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Environment

Pipeline protest convoy approaches Ottawa after rolling across country

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OTTAWA — Hundreds of trucks are expected to roll into Ottawa Tuesday to protest the federal government’s policies on the oil industry.

The main portion of the United We Roll Convoy set out from Red Deer, Alta., last Thursday and made stops in Regina, Dryden, Thunder Bay, and Sault Ste. Marie before mustering at Arnprior, Ont., just outside the capital.

The rally is expected to occupy almost a kilometre of Wellington Street, in front of Parliament.

Lead organizer Glen Carritt says the display is about showing support for new oil pipelines and opposition to the federal carbon tax and new rules on oil transportation.

The convoy includes members of the Yellow Vest Movement, whose demonstrations across the country have had widely varying agendas, from supporting pipelines to denouncing a United Nations compact on global migration.

Demonstrators from eastern Canada are also expected to link up with the convoy.

The Canadian Press

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Environment

Alberta energy war room must avoid online morass, preaching to choir: experts

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CALGARY — Tzeporah Berman only learned of her cameo appearance at an Alberta government news conference about its so-called energy war room after a flood of nasty messages.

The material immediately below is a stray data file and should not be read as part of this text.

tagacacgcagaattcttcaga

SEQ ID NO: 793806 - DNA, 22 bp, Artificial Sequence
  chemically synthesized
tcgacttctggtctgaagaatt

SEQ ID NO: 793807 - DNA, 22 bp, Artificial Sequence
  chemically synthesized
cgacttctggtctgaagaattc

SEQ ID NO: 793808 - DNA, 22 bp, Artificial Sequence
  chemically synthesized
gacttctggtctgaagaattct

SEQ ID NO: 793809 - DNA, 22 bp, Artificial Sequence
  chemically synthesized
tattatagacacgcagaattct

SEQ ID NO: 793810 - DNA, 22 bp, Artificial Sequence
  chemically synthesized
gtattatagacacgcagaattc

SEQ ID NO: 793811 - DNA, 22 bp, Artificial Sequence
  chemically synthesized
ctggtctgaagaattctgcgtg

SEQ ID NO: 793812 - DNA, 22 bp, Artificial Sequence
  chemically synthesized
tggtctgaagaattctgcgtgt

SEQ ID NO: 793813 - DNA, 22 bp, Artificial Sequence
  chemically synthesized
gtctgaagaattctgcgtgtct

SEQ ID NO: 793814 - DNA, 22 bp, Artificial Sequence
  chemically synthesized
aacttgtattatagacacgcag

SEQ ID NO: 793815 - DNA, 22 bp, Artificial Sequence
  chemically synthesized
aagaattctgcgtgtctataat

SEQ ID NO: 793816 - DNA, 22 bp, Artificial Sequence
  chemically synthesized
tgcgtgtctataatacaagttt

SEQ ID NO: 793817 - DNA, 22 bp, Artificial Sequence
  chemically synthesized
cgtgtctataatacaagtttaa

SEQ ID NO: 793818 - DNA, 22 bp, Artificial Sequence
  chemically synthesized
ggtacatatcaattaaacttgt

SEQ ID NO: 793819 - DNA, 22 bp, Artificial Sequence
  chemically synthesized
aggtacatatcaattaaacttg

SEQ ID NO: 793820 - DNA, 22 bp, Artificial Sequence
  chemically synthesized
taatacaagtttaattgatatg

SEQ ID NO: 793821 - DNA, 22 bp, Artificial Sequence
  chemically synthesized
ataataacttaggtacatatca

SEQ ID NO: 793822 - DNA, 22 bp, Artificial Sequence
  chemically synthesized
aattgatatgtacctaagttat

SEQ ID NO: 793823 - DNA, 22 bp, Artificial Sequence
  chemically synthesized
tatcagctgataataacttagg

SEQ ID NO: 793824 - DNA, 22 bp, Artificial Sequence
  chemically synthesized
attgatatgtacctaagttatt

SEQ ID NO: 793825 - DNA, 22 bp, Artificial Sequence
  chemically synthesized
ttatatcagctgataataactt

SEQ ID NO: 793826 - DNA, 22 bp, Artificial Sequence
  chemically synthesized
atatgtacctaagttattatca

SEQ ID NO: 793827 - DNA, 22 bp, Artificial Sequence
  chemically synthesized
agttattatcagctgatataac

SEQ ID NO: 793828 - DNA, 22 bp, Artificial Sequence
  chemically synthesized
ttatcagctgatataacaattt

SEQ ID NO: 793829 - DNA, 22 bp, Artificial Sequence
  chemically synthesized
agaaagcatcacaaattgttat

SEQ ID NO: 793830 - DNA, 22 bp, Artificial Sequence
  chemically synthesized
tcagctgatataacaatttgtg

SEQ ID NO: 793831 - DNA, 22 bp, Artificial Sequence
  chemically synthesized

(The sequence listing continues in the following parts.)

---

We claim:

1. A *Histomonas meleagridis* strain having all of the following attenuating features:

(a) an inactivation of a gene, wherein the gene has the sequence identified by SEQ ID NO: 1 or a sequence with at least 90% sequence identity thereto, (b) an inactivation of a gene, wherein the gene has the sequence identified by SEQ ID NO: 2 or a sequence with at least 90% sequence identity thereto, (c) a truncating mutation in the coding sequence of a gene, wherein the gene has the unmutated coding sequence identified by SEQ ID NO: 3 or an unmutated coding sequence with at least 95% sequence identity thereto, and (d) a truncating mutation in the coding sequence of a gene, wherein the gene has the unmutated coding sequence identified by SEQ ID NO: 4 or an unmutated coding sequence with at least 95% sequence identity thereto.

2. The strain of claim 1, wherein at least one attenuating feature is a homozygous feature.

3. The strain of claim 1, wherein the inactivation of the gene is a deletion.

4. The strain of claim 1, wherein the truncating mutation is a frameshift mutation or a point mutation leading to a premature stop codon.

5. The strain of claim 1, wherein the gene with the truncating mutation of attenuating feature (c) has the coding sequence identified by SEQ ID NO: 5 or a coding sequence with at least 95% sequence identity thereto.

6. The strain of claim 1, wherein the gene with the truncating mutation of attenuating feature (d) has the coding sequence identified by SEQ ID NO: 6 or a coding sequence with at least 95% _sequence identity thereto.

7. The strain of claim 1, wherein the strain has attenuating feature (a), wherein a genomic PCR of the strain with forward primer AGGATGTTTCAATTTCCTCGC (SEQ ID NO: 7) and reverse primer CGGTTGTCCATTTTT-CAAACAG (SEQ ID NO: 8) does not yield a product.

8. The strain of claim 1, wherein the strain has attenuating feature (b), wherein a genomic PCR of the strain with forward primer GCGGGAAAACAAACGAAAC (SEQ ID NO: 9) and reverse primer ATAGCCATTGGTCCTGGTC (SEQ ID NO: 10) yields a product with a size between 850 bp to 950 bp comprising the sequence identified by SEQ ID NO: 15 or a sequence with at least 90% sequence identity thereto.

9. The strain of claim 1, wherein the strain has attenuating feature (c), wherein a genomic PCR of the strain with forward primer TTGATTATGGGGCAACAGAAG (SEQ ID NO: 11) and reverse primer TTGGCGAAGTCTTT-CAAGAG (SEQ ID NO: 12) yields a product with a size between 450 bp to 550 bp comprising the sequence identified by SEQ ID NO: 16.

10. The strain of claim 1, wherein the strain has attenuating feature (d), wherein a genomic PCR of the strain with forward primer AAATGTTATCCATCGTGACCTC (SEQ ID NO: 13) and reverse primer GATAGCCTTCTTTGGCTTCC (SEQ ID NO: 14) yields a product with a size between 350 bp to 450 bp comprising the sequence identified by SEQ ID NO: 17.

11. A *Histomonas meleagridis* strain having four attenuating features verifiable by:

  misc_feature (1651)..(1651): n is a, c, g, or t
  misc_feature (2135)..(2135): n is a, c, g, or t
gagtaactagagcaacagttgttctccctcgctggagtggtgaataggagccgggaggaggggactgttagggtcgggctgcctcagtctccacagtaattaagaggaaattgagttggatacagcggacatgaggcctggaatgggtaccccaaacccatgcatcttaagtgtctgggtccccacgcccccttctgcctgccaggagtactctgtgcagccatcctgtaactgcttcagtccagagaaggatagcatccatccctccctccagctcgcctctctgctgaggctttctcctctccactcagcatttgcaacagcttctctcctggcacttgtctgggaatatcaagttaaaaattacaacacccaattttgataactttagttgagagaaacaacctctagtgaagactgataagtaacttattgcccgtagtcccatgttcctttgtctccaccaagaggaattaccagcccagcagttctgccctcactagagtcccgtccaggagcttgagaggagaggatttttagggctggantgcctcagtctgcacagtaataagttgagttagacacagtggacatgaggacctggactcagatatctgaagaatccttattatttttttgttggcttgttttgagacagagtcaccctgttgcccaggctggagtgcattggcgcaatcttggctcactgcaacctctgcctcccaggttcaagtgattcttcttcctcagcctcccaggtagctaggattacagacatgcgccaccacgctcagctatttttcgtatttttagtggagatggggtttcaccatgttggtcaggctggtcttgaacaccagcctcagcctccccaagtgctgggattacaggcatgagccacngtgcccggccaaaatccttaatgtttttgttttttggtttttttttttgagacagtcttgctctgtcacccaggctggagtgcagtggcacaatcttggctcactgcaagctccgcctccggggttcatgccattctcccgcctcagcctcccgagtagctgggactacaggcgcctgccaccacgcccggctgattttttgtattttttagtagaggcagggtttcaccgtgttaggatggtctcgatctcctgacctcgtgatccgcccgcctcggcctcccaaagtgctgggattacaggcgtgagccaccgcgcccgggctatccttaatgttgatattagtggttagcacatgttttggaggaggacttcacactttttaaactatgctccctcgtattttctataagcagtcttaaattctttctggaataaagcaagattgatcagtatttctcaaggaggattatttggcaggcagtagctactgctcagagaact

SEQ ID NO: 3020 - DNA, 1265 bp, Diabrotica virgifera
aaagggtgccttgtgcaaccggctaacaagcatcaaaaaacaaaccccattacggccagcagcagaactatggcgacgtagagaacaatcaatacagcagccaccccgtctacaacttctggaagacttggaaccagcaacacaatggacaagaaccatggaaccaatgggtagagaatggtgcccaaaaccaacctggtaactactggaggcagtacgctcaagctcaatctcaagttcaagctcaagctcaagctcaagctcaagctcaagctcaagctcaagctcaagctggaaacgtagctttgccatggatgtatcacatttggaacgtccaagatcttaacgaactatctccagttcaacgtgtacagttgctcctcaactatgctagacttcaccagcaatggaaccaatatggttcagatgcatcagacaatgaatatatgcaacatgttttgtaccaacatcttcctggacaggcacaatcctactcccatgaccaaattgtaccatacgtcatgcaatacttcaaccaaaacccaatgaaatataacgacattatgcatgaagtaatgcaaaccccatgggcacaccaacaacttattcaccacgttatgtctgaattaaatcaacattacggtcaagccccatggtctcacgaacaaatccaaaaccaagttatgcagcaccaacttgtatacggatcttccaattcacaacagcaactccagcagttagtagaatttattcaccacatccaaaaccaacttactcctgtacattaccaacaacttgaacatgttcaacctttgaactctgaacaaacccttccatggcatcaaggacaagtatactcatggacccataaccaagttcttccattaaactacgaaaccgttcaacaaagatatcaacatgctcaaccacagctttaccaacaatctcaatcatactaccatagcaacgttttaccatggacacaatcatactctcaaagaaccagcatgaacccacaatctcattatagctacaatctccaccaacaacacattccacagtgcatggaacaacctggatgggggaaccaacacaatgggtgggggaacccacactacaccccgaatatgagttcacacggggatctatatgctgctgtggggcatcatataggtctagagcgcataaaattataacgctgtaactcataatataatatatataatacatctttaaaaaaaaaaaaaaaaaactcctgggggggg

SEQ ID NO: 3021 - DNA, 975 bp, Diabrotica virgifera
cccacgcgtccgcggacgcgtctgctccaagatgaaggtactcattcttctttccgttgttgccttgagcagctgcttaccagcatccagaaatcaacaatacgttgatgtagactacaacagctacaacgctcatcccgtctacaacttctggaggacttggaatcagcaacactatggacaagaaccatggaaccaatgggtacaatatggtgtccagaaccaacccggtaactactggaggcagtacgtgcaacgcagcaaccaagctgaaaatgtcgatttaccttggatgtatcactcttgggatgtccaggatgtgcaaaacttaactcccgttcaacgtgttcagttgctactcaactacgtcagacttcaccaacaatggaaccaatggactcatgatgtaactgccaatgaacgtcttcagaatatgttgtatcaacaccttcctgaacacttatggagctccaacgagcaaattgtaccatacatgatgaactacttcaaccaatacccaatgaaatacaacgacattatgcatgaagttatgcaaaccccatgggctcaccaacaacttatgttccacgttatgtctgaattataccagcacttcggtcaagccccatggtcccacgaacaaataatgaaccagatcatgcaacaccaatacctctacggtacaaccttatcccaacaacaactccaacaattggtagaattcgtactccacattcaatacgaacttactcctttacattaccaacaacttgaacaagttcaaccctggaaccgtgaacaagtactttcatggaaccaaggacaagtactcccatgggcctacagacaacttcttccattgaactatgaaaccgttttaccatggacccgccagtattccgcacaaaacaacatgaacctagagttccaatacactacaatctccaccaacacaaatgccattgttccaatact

Industry advocate Robbie Picard held a poster calling the prominent environmentalist an “enemy of the oilsands” as he introduced Premier Jason Kenney at the Calgary event.

Berman says dozens of violent, sexist social media messages and a few frightening voicemails followed.

“The idea of putting someone’s face on a poster and holding it up at a government press conference — I’ve never seen that before,” says the longtime opponent of oilsands expansion and international program director at Stand.Earth, a grassroots environmental group.

The Kenney government aims to get its $30-million Calgary-based war room running this summer. The goal, Kenney has said, is to fight against what he calls a foreign-funded “campaign of lies and defamation” that he says has caused economic hardship by landlocking Alberta crude.

Kenney has said one measure of the war room’s success would be improved public opinion about pipelines and resource development. Political observers say that requires crafting messages that resonate outside Alberta while avoiding social media mudslinging or preaching to the choir.

Kenney spokeswoman Christine Myatt says personal threats and abuse are never acceptable and urges those who disagree with Berman to do so respectfully.

Picard, who runs the Oilsands Strong Facebook page, says unleashing abuse was not the intention of singling out Berman, but he added “professional protesters” like her should be held to account at a time when Alberta is struggling.

“There’s people in Alberta who are losing everything.”

Aside from the potential for online vitriol, the war room is problematic because the focus should be on tackling climate change, Berman says. 

“He’s wasting precious time,” she says of Kenney.

Many details, including who will lead the war room, remain to be fleshed out. Kenney has said it’s to use a mixture of advertising, publicity and social media and that staff will be able to fire volleys without having to wait hours or days for approval.